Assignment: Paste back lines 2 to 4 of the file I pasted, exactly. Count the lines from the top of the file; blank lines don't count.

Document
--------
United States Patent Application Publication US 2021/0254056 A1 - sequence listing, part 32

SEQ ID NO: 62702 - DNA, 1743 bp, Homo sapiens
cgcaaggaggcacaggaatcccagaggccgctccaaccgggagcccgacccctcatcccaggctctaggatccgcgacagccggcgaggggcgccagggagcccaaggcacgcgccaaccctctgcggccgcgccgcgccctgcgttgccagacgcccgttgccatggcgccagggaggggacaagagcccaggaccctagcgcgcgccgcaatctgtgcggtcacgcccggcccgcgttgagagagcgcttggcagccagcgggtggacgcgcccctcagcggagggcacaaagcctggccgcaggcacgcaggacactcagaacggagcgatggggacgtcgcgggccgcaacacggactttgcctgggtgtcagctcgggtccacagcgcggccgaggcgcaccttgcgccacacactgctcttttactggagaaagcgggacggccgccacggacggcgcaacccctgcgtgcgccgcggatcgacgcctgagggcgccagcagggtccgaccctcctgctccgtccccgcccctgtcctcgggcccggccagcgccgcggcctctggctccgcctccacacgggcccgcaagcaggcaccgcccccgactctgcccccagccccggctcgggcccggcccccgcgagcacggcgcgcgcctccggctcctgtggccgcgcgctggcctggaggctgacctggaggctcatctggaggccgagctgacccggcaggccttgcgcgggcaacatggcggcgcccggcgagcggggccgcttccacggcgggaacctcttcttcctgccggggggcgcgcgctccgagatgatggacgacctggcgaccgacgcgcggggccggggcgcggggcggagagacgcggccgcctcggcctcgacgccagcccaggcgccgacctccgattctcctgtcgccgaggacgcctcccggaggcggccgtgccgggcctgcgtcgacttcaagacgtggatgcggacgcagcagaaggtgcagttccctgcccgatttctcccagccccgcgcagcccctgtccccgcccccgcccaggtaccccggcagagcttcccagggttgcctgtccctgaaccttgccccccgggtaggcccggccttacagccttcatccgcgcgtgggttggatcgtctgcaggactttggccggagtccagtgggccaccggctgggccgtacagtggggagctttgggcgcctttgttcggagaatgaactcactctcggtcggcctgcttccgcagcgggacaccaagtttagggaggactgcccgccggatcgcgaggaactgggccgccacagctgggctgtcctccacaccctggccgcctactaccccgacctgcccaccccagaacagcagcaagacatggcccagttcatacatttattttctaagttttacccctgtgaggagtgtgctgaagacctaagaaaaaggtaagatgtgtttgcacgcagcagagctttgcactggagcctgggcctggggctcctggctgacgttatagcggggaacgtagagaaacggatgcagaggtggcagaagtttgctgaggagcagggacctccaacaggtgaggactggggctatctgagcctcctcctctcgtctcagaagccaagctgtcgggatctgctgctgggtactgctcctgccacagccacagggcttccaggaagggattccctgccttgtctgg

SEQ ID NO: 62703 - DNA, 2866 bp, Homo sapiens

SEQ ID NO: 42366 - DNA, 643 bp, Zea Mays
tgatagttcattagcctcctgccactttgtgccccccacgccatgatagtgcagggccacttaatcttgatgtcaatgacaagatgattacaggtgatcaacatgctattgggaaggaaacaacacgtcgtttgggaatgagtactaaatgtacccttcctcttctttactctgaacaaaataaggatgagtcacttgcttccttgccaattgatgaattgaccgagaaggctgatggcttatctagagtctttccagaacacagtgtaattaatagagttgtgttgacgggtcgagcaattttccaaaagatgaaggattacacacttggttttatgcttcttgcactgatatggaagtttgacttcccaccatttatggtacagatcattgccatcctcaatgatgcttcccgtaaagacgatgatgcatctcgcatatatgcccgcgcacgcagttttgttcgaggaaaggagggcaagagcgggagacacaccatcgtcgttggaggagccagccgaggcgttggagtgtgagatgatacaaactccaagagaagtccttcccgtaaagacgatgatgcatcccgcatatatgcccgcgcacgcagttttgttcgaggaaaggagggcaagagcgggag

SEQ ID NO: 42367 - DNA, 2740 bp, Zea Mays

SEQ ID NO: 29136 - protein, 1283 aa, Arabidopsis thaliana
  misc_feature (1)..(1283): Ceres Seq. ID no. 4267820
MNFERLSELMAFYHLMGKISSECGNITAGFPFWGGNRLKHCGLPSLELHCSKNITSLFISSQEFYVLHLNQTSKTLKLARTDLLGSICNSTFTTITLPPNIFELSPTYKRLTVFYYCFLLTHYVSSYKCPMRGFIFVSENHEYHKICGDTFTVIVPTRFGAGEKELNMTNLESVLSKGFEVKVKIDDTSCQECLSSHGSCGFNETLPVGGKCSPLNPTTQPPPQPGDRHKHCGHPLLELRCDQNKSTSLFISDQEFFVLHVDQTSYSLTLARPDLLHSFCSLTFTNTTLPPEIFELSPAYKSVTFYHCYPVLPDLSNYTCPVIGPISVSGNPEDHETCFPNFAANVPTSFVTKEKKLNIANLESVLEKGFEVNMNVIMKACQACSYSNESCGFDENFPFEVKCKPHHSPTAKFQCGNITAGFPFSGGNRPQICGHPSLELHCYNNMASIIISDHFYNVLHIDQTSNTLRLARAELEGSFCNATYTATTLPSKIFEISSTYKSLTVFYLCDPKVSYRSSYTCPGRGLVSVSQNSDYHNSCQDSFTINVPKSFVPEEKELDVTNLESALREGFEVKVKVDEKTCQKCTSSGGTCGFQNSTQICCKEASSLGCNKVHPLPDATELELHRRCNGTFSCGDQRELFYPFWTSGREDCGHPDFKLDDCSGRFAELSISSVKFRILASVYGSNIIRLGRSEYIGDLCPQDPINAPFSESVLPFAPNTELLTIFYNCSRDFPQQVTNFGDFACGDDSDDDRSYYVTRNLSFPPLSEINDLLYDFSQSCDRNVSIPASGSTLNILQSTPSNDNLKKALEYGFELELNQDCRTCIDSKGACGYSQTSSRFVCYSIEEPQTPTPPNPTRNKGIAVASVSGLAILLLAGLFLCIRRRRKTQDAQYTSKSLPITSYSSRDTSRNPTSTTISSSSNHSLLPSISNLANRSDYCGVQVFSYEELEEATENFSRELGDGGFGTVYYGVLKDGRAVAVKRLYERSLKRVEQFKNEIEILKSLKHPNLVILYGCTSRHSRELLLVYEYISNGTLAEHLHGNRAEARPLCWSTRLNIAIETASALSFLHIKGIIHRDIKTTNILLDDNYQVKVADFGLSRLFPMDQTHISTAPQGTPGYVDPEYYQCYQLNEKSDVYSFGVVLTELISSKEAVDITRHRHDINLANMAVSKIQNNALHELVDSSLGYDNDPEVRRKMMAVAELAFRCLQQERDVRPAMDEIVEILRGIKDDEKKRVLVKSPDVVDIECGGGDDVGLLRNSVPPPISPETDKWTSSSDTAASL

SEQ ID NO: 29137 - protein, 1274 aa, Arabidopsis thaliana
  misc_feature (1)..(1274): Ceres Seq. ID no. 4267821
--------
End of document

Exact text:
SEQ ID NO: 62702 - DNA, 1743 bp, Homo sapiens
cgcaaggaggcacaggaatcccagaggccgctccaaccgggagcccgacccctcatcccaggctctaggatccgcgacagccggcgaggggcgccagggagcccaaggcacgcgccaaccctctgcggccgcgccgcgccctgcgttgccagacgcccgttgccatggcgccagggaggggacaagagcccaggaccctagcgcgcgccgcaatctgtgcggtcacgcccggcccgcgttgagagagcgcttggcagccagcgggtggacgcgcccctcagcggagggcacaaagcctggccgcaggcacgcaggacactcagaacggagcgatggggacgtcgcgggccgcaacacggactttgcctgggtgtcagctcgggtccacagcgcggccgaggcgcaccttgcgccacacactgctcttttactggagaaagcgggacggccgccacggacggcgcaacccctgcgtgcgccgcggatcgacgcctgagggcgccagcagggtccgaccctcctgctccgtccccgcccctgtcctcgggcccggccagcgccgcggcctctggctccgcctccacacgggcccgcaagcaggcaccgcccccgactctgcccccagccccggctcgggcccggcccccgcgagcacggcgcgcgcctccggctcctgtggccgcgcgctggcctggaggctgacctggaggctcatctggaggccgagctgacccggcaggccttgcgcgggcaacatggcggcgcccggcgagcggggccgcttccacggcgggaacctcttcttcctgccggggggcgcgcgctccgagatgatggacgacctggcgaccgacgcgcggggccggggcgcggggcggagagacgcggccgcctcggcctcgacgccagcccaggcgccgacctccgattctcctgtcgccgaggacgcctcccggaggcggccgtgccgggcctgcgtcgacttcaagacgtggatgcggacgcagcagaaggtgcagttccctgcccgatttctcccagccccgcgcagcccctgtccccgcccccgcccaggtaccccggcagagcttcccagggttgcctgtccctgaaccttgccccccgggtaggcccggccttacagccttcatccgcgcgtgggttggatcgtctgcaggactttggccggagtccagtgggccaccggctgggccgtacagtggggagctttgggcgcctttgttcggagaatgaactcactctcggtcggcctgcttccgcagcgggacaccaagtttagggaggactgcccgccggatcgcgaggaactgggccgccacagctgggctgtcctccacaccctggccgcctactaccccgacctgcccaccccagaacagcagcaagacatggcccagttcatacatttattttctaagttttacccctgtgaggagtgtgctgaagacctaagaaaaaggtaagatgtgtttgcacgcagcagagctttgcactggagcctgggcctggggctcctggctgacgttatagcggggaacgtagagaaacggatgcagaggtggcagaagtttgctgaggagcagggacctccaacaggtgaggactggggctatctgagcctcctcctctcgtctcagaagccaagctgtcgggatctgctgctgggtactgctcctgccacagccacagggcttccaggaagggattccctgccttgtctgg

SEQ ID NO: 62703 - DNA, 2866 bp, Homo sapiens